About Eating Disorders

Understanding the Symptoms, Causes, and Risks Factors

Eating disorders disrupt the lives of millions of people around the world each day. Disordered eating is unique because of its impact on someone’s psychological, nutritional, and physical health. 

But there is hope. Eating disorders are treatable.

There is a wide range of difficulties that can accompany eating disorders. Some of these may include behavioral issues and dysfunctional thinking patterns, eating habits, and beliefs. Eating disorders may also cause physical symptoms, impaired mood, and disruptions to social relationships.

What is an Eating Disorder?

Individuals with eating disorders may have unhealthy and potentially life-threatening obsessions and fears about food, physical appearance, and weight. Once disordered eating behaviors and unhealthy thought patterns become out of control, that person has likely developed an eating disorder.

And they need help. While eating disorders are treatable, they don’t go away on their own.

Eating Disorders: Signs and Symptoms

Despite popular belief, you can’t tell if someone is battling an eating disorder simply by their appearance. Anyone of any gender, weight, shape, or size can have an eating disorder. Someone who doesn’t look underweight could be struggling with an eating disorder that is just as life-threatening as someone who is.

Maybe someone you love doesn’t “look” like they are suffering from an eating disorder, but that doesn’t mean they aren’t. According to the National Association of Anorexia Nervosa and Associated Eating Disorders (ANAD) , less than 6% of people with an eating disorder are medically underweight. 

It’s also crucial to note that eating disorders are not a “girl thing.” Don’t disregard the boys and men in your life. They can develop an eating disorder, too.

What an eating disorder may look like:

  • Eating too much
  • Eating too little
  • Purging
  • Obsession with exercise
  • Obsession with food & weight
  • Constant concerns about body image
  • Isolation
  • Change in mood or behavior
  • Isolating after meals
  • Refusing to participate in social meals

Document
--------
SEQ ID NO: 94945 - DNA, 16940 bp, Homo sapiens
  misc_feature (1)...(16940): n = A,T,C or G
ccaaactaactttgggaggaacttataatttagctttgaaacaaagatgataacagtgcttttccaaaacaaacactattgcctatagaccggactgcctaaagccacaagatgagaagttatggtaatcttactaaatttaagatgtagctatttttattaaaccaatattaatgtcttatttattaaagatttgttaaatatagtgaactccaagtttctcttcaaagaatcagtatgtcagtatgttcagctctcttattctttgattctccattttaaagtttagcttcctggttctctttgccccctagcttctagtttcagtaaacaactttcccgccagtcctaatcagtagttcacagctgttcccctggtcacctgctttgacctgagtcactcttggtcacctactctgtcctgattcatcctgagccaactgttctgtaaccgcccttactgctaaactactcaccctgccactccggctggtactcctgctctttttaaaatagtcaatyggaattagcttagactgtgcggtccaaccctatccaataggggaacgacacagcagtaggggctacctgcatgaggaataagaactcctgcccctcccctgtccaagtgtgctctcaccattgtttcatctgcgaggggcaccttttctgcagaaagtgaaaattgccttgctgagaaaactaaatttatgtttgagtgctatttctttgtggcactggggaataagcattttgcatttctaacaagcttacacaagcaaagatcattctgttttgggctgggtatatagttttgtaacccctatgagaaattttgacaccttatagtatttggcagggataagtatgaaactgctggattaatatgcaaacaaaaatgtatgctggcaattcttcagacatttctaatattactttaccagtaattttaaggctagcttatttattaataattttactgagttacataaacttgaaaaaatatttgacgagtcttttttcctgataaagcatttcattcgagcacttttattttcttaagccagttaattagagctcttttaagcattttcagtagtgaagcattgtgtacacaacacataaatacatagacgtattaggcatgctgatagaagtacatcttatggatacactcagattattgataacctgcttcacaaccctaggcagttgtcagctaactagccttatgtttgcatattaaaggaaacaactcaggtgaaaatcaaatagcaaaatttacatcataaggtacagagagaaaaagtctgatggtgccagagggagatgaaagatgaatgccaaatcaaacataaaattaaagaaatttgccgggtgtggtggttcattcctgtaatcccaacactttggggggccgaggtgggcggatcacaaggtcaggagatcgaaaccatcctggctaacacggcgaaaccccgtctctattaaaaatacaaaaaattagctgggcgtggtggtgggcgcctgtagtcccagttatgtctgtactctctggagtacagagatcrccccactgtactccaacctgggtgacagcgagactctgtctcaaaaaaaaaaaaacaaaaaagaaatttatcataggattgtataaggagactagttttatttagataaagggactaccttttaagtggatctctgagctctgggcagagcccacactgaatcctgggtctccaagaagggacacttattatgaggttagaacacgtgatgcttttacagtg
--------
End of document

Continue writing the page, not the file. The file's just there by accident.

• Comments about weight, shape, & size
  • Changes in exercise patterns
  • Using the bathroom immediately following meals
  • Weight fluctuations
  • Cutting out or avoiding certain foods or food groups (for weight loss)
  • Following social media influence(r)s that may promote disordered eating
  • Using electronic devices to monitor nutrition intake

Risk Factors for Developing an Eating Disorder

Eating disorders involve a range of biological, psychological, and sociocultural influences. Not everyone who develops an eating disorder has the same perspective, symptoms, or experiences leading to their illness. However, research tells us there are several common risk factors and causes of eating disorders.

Biological Risk Factors

  • Close relatives with eating disorders: If you have an immediate family member like a sibling or parent with an eating disorder, you may be at higher risk.
  • Close relatives with other mental health issues: Like any mental health condition, if you have a close relative with anxiety, depression, or addiction, you may be at increased risk for developing an eating disorder.
  • History of dieting: If you’ve put yourself on strict diets to control your weight in the past, you put yourself at risk for developing an eating disorder.

Psychological Risk Factors

  • Body image concerns: Negative body image is a widespread issue in our culture. Those who develop eating disorders report higher levels of body image concerns and are more likely to internalize their idea of the “ideal” weight, shape, or size.
  • History of anxiety: Two-thirds of people diagnosed with anorexia have shown symptoms of at least one anxiety disorder before their diagnosis. These could include obsessive-compulsive disorder, social phobias, or generalized anxiety disorder.
  • Perfectionism: Self-oriented perfectionism, or setting unrealistically high expectations for yourself, is a significant risk factor for developing an eating disorder.

Sociocultural Risk Factors

  • Unhealthy weight stigma: Discrimination or stereotyping based on weight is called “weight stigma,” and is incredibly damaging. Unfortunately, many in our society deem thinner as “better.”
  • Bullying: 60% of those with eating disorders have been or are being bullied about their weight, shape, and size. If you’ve ever been the victim of bullying related to your body, you may be more likely to develop an eating disorder.
  • Limited social connections: Eating disorders are known to be a disease of disconnection. This may be associated with other mental health challenges, causing you to isolate yourself from others.
  • Trauma: Those with a past trauma history may be at increased risk for disordered eating.
  • Competition: Some sports like diving, ballet, gymnastics, wrestling, rowing, and long-distance running emphasize maintaining a lean body to deliver optimal performance. To achieve this goal, participants may develop patterns of behavior that can lead to an eating disorder.

Our Approach to the Treatment of Eating Disorders

Our treatment team of eating disorder experts is ready to help you address your eating disorder, work through your struggles, and help you LiveWell. The sooner you seek the help you need, the better.

Recovery is possible.

In our LiveWell intensive outpatient treatment program (IOP), you or your loved one get the tools and support you need to face your eating disorder and get on the path to recovery.